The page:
A WTTW News review of public records has also found that Aurora taxpayers are on the hook for tens of millions in tax incentives to two other development companies that have donated thousands to Richard Irvin and political funds connected to him.
Amid a double-digit uptick in violent crime along Chicago Transit Authority train and bus lines this year, city officials say they’ll be adding additional officers and security guards on trains and buses around the city.
Niles, a northwest Chicago suburb. It’s well known for its landmark replica of the Leaning Tower of Pisa, but it’s also a community thinking about how to revamp one of its anchor businesses for the future. There are efforts to redevelop Golf Mill mall, a nearby park, and plans to improve infrastructure and pedestrian safety.
More than 150 names of people killed during the civil rights movement are on display in a special exhibit at the DuSable Museum. Their lives were cut short due to race-related killings more than 50 years ago, but the lessons learned from their deaths live on.
Washington Park is nestled between Hyde Park, Woodlawn and Englewood. It’s home to the DuSable Museum of African American History and to the former Schultz Baking Company. Now closed, the building is on the National Register of Historic Places and there are plans to turn it into a data center.
Eight miles north from the Loop, manufacturing buildings, Victorian homes and small businesses line Ravenswood’s streets. The community is neighbored by North Center and Lincoln Square, and there’s much disagreement over where the three neighborhoods’ borders end and begin.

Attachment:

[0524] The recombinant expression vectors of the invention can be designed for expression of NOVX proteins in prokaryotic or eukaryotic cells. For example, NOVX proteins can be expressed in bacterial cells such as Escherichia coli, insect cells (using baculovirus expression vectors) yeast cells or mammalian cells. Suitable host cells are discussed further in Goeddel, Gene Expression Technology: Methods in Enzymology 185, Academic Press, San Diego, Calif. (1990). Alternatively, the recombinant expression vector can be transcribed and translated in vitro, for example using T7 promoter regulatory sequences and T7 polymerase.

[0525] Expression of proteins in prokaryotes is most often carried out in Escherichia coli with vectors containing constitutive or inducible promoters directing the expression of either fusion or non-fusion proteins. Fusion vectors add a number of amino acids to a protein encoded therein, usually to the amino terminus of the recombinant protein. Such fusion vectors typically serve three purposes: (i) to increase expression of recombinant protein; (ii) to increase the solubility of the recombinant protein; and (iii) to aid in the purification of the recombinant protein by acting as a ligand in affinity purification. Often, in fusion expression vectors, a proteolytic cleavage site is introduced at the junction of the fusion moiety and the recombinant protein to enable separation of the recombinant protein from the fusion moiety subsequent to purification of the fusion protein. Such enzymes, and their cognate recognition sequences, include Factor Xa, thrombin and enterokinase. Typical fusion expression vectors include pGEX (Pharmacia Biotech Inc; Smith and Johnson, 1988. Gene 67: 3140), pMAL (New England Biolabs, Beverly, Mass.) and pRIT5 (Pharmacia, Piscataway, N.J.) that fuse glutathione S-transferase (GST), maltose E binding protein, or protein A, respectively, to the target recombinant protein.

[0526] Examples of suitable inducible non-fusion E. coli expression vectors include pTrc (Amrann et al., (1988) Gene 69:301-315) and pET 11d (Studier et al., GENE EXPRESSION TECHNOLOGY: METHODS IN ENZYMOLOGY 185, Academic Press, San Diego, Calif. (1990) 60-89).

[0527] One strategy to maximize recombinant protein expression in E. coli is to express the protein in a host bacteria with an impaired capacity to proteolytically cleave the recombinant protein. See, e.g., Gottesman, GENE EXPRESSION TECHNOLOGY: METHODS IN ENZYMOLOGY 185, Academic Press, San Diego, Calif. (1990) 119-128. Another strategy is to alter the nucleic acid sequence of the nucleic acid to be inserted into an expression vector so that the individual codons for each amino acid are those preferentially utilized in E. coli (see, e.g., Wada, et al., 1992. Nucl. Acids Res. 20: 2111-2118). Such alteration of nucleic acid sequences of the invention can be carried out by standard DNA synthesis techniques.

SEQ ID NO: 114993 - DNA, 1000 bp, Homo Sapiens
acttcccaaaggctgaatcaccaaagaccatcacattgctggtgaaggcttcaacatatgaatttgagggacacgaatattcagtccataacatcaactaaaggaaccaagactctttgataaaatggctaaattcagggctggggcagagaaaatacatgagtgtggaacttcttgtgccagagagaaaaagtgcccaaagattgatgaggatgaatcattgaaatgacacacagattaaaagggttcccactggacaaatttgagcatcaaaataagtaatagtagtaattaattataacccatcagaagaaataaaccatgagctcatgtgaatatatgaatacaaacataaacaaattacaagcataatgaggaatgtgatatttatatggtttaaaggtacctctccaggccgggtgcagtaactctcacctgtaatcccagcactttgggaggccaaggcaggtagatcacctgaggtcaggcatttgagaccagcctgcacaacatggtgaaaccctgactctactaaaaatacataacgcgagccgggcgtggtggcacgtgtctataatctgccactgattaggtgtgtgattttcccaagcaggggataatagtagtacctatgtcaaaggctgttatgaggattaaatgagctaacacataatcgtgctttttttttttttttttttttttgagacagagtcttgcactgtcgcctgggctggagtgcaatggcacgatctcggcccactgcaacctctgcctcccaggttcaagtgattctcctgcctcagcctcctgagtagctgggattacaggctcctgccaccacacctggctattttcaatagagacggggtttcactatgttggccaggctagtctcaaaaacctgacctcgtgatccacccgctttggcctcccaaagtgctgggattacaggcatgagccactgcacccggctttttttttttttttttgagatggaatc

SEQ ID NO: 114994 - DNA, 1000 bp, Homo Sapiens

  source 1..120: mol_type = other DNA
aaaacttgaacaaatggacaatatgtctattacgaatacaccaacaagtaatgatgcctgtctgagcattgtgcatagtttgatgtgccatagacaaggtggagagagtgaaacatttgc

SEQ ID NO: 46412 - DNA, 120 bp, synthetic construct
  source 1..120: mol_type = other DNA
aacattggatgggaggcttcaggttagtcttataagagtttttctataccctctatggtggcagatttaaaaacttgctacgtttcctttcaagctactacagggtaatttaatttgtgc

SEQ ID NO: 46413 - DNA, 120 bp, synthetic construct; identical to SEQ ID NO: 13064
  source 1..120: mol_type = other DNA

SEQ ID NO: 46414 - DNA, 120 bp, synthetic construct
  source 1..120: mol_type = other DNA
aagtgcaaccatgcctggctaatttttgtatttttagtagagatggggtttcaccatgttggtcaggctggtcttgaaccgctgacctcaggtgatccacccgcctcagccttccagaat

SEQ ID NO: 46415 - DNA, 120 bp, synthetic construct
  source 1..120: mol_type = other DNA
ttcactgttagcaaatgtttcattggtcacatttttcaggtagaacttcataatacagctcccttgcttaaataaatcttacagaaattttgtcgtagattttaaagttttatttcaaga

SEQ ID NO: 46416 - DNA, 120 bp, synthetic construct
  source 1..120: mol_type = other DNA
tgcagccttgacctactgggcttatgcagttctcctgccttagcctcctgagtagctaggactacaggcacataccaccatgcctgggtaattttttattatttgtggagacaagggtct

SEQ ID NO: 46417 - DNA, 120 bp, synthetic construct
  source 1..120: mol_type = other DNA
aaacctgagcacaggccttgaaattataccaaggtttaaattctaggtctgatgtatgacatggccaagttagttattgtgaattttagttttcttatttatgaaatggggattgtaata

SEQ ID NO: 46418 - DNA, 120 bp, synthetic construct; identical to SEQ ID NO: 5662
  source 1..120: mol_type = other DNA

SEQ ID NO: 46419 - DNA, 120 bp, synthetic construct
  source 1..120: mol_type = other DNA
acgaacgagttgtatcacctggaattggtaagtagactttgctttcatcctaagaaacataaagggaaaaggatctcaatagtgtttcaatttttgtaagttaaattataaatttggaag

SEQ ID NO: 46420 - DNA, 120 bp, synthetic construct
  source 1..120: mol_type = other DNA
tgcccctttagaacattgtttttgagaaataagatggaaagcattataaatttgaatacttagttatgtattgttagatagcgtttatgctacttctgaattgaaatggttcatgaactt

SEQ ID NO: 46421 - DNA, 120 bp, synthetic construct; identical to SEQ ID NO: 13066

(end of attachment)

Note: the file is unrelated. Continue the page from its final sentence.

Paseo Boricua has been the heart and soul of Chicago’s Puerto Rican community for decades. But the area has been impacted in recent years by gentrification and displacement of some longtime residents, as rents rise and luxury buildings sprout up on its borders.
New data shows Chicagoans took approximately 640,000 rides on electric scooters during a four-month second trial run. That represents a significant decline from the initial test of the scooters in Chicago between June and July 2019.
Chicago’s lakefront trail officially reopened Monday after the city closed it down in March in an effort to reduce the spread of COVID-19. We visit the lakefront and see how the Edgewater community is gearing up for phase four.
This toddlin’ town isn’t just the subject of some iconic songs, it’s also the home of artists who helped innovate and shape modern American music. We’re passionate about our faves, and we want to hear from you. Which of these acts deserves to be crowned champion?
New York Times reports specialized ICE Agents being sent to Chicago, sanctuary cities
President Donald Trump will deploy specialized U.S. Immigration and Customs Enforcement tactical units to nearly a dozen so-called sanctuary cities, including Chicago, according to The New York Times.
What do Polish sausage, potato chips and Plochman’s mustard have in common? They all come together to make a delicious snack.
Earlier this month, we took you on a tour of a distillery that produces Malort, the Chicago-born liquor that inspires devotion – and disgust. This week, we pour out a hefty helping of the stuff and stick it in the fryer.